The satellites that the U.S. Department of Defense relies on for communications often each have their own ground control systems that are designed to work with specific families spacecraft. But as space becomes more a more contested, with enemies looking to undermine the United States’ information advantage, that set up can lead to problems on the battlefield.
“Today if they lose communications because of adversarial jamming, they may have to cancel their mission," said Frank Backes, senior vice president of federal satellite Solutions at national security solutions provider Kratos. “If they depend on satellite communications to do their mission, they will be basically stuck.”
Under a program sponsored by the Air Force’s Space and Missile Systems Center, subsidiary Kratos RT Logic recently demonstrated a potential fix. The company unveiled a solution that would allow users to roam among multiple satellites and systems in much the same way the cellphones roam when they are deprived of a signal.
The prototype, known as Enterprise Management and Control (M&C), aims to make defense communications more robust by offering diverse pathways and enhanced bandwidth efficiency.
The Air Force program is part of an effort to make military satellite communications more flexible. For example, Hughes Defense and Intelligence Systems also demonstrated a concept to the Air Force that focused on creating a global, open architecture system that connects to communications satellites in geosynchronous orbit, medium earth orbit and low earth orbit.
The need for roaming satellite communication connectivity comes from an evolving military landscape.
“When the present satellite communications infrastructure was set up, military communications weren’t operating in a hostile communications environment. Today that has fundamentally changed,” Backes said. “When Army or Navy is operating in theater, they run into jamming as well as unintentional interference.”
When that happens, it is possible to reconfigure the network, to switch to another satellite, but it can literally take weeks or even months to make the change. The new initiative seeks to allow soldiers to recover comms on the fly, without having to swap out equipment or reconfigure their connections.
Kratos demonstrated the capability using existing legacy terminals. “It’s primarily a software modification,” Backes said. “A lot of the solutions that have been considered would have required changing out all the ground terminals. We worked directly with DISA and with Space and Missile Systems Center in Los Angeles so that we would not require the replacement of those legacy systems. That makes it dramatically less expensive.”
Government has long recognized the need for such a capability. “Satellites, ground control systems, and user terminals in most of the Defense Department’s major space system acquisitions are not optimally aligned, leading to underutilized satellites and limited capability provided to the war fighter,” the GAO noted in a 2009 report. The issue has been a long-running theme for the Congressional watchdog since then.
“When capabilities are delayed because of lack of alignment between satellite and ground control systems or user terminals, the war fighter may develop short-term solutions, often at diminished capability and added cost,” GAO reported.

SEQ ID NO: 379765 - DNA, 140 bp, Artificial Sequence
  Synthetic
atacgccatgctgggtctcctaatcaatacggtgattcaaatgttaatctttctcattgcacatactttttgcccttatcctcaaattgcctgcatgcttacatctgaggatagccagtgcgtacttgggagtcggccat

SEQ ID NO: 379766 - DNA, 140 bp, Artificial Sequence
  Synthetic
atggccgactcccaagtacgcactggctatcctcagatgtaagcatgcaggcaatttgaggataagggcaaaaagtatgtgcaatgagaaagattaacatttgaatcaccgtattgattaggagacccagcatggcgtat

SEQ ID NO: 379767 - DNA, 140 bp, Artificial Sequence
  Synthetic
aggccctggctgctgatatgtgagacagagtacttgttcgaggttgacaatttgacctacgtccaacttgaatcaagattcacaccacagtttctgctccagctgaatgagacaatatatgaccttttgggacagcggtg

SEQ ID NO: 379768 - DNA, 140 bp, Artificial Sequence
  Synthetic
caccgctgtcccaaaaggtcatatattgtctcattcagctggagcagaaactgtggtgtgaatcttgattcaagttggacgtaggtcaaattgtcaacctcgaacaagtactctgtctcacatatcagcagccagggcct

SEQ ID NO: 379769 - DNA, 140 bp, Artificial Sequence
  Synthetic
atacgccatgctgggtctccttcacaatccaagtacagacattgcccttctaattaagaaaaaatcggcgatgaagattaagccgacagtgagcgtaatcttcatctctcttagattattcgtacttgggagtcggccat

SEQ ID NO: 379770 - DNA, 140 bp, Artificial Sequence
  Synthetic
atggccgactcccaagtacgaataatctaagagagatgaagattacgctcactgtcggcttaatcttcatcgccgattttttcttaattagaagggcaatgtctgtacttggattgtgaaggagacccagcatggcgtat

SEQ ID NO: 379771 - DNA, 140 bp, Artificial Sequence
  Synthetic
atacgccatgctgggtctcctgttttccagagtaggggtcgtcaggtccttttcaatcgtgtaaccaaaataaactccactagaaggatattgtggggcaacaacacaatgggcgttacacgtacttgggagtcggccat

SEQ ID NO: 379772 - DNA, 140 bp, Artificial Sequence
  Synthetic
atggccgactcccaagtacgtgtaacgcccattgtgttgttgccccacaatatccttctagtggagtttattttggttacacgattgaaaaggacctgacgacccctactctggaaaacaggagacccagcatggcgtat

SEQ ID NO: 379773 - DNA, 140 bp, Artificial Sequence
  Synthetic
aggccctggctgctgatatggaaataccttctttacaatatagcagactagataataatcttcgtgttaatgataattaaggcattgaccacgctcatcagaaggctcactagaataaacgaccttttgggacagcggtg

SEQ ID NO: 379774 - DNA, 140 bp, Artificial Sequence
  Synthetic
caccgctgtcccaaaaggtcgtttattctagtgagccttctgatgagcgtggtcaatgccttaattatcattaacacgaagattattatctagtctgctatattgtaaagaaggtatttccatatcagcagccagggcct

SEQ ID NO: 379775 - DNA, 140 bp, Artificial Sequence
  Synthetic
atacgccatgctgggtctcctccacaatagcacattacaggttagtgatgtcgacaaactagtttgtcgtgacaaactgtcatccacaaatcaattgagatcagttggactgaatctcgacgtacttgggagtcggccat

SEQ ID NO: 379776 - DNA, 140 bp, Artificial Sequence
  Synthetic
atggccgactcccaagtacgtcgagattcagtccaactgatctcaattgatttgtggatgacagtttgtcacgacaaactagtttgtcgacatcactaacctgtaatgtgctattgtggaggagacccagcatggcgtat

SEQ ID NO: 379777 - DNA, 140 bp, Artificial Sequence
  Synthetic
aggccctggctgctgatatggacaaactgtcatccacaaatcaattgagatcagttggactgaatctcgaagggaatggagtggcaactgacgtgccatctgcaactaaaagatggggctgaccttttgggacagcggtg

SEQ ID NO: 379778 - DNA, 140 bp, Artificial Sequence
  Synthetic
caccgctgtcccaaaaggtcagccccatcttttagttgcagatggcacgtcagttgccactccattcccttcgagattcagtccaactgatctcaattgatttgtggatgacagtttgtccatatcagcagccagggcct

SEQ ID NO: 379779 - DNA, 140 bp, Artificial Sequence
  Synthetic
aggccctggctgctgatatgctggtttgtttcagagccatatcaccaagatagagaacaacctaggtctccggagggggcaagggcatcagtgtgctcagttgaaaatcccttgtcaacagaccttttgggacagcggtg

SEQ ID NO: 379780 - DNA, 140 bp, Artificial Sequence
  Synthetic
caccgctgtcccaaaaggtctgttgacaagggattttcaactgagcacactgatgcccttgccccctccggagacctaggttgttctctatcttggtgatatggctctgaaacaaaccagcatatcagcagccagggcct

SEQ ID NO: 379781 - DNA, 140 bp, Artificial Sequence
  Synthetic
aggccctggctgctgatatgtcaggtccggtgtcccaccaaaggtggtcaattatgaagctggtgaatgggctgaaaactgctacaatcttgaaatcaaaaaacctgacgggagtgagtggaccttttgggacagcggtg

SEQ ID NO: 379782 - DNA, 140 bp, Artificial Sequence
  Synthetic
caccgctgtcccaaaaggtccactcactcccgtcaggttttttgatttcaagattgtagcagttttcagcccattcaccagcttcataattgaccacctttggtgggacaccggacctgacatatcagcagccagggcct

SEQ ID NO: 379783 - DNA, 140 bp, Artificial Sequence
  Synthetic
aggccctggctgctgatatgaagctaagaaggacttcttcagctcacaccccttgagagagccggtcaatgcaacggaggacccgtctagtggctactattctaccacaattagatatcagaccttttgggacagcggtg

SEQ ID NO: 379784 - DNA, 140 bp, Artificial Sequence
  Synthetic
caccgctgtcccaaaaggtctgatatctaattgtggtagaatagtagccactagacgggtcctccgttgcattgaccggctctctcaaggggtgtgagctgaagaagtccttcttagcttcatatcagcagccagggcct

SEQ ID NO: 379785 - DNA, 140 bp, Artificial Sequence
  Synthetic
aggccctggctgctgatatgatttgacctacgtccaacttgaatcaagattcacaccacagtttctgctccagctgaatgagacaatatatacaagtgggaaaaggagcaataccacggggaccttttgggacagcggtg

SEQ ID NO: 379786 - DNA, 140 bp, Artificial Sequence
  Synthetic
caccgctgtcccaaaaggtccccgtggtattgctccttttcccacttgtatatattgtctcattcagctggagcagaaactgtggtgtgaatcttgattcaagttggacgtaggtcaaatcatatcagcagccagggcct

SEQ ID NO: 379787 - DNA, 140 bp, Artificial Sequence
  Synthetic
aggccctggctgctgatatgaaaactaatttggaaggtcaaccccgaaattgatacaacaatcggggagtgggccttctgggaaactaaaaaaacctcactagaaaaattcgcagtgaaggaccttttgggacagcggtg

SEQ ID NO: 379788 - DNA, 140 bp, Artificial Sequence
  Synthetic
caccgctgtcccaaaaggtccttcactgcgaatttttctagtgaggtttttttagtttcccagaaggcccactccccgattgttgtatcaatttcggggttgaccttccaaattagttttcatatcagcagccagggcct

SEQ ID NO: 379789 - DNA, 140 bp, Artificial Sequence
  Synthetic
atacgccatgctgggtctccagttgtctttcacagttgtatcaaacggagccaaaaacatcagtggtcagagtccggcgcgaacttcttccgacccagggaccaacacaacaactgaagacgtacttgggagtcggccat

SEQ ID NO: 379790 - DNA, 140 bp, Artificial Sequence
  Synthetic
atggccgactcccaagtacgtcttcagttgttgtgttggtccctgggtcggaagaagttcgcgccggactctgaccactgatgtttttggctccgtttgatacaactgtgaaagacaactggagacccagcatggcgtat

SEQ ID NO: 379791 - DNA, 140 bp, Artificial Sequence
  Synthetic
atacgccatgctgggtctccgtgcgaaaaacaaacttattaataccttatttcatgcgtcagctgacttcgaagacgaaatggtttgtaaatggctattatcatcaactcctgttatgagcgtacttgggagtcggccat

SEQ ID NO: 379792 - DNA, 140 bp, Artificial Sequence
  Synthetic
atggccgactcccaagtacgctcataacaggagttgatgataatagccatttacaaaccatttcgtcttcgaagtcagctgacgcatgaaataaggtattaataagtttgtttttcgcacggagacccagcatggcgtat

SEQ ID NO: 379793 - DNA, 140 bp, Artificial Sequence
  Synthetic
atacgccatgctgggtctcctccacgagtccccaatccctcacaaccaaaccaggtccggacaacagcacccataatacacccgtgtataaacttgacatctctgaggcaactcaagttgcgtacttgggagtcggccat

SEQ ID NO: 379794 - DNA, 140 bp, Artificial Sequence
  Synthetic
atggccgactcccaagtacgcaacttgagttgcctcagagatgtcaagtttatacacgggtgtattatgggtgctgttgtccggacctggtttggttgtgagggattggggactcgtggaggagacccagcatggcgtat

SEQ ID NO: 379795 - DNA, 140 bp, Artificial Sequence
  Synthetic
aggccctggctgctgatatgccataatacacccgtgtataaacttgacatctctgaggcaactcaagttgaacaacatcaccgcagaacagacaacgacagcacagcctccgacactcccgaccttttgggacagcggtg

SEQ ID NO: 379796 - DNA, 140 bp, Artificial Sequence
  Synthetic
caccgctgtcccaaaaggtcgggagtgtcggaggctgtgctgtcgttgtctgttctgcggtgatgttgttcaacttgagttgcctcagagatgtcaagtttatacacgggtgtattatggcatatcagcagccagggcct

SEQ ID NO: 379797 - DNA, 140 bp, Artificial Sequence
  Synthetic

The emerging system is designed to work with standard commercial communications satellites as well as with the military’s Wideband Global SATCOM (WGS) constellation. It aims to achieve a number of specific ends including:
• Giving operators rapid, automated access to multiple satellites and satellite networks, from multiple service providers;
• Allowing control of multiple modem types and software versions from within a single terminal;
• Enabling terminal reconfiguration to support diverse SATCOM architectures, including Time Division Multiple Access (TDMA) and Frequency Division Multiple Access (FDMA) networks.
The emerging system aims to do more than just restore comms when the link fizzles out. A diagnostic capability helps the system to understand why the network has gone down, which in turn enables the roaming function to take the next needed step.
“You need to be able to make the determination not just when to roam but also why,” Backes said. By understanding the cause of a network failure, “the system can then make a determination as to what satellite system might be a better choice under those circumstances, so that it would not be interfered with.”
Engineers took an open-architecture approach to designing the new interface. In addition to allowing roaming among disparate systems, this approach also could enable a rapid acquisition path, should battlefield communication needs change rapidly. “That frees the government to lease from multiple commercial companies, to set up new leases and to immediately start using those out in the field,” Backes said. “It allows the government to very quickly adjust and deploy.”
Looking ahead, Kratos executives say they hope to see a 2019 contract award for additional testing to prove operational capability. As part of that effort, engineers will push for less human intervention in the roaming capability.
“With thousands of terminals out in the field, the goal is to have it make the move on its own. The next phase of proving out this system would be to show that capacity for an automated change. That’s what make it true roaming. You don’t tell it when to switch networks. It just does it on its own,” Backes said.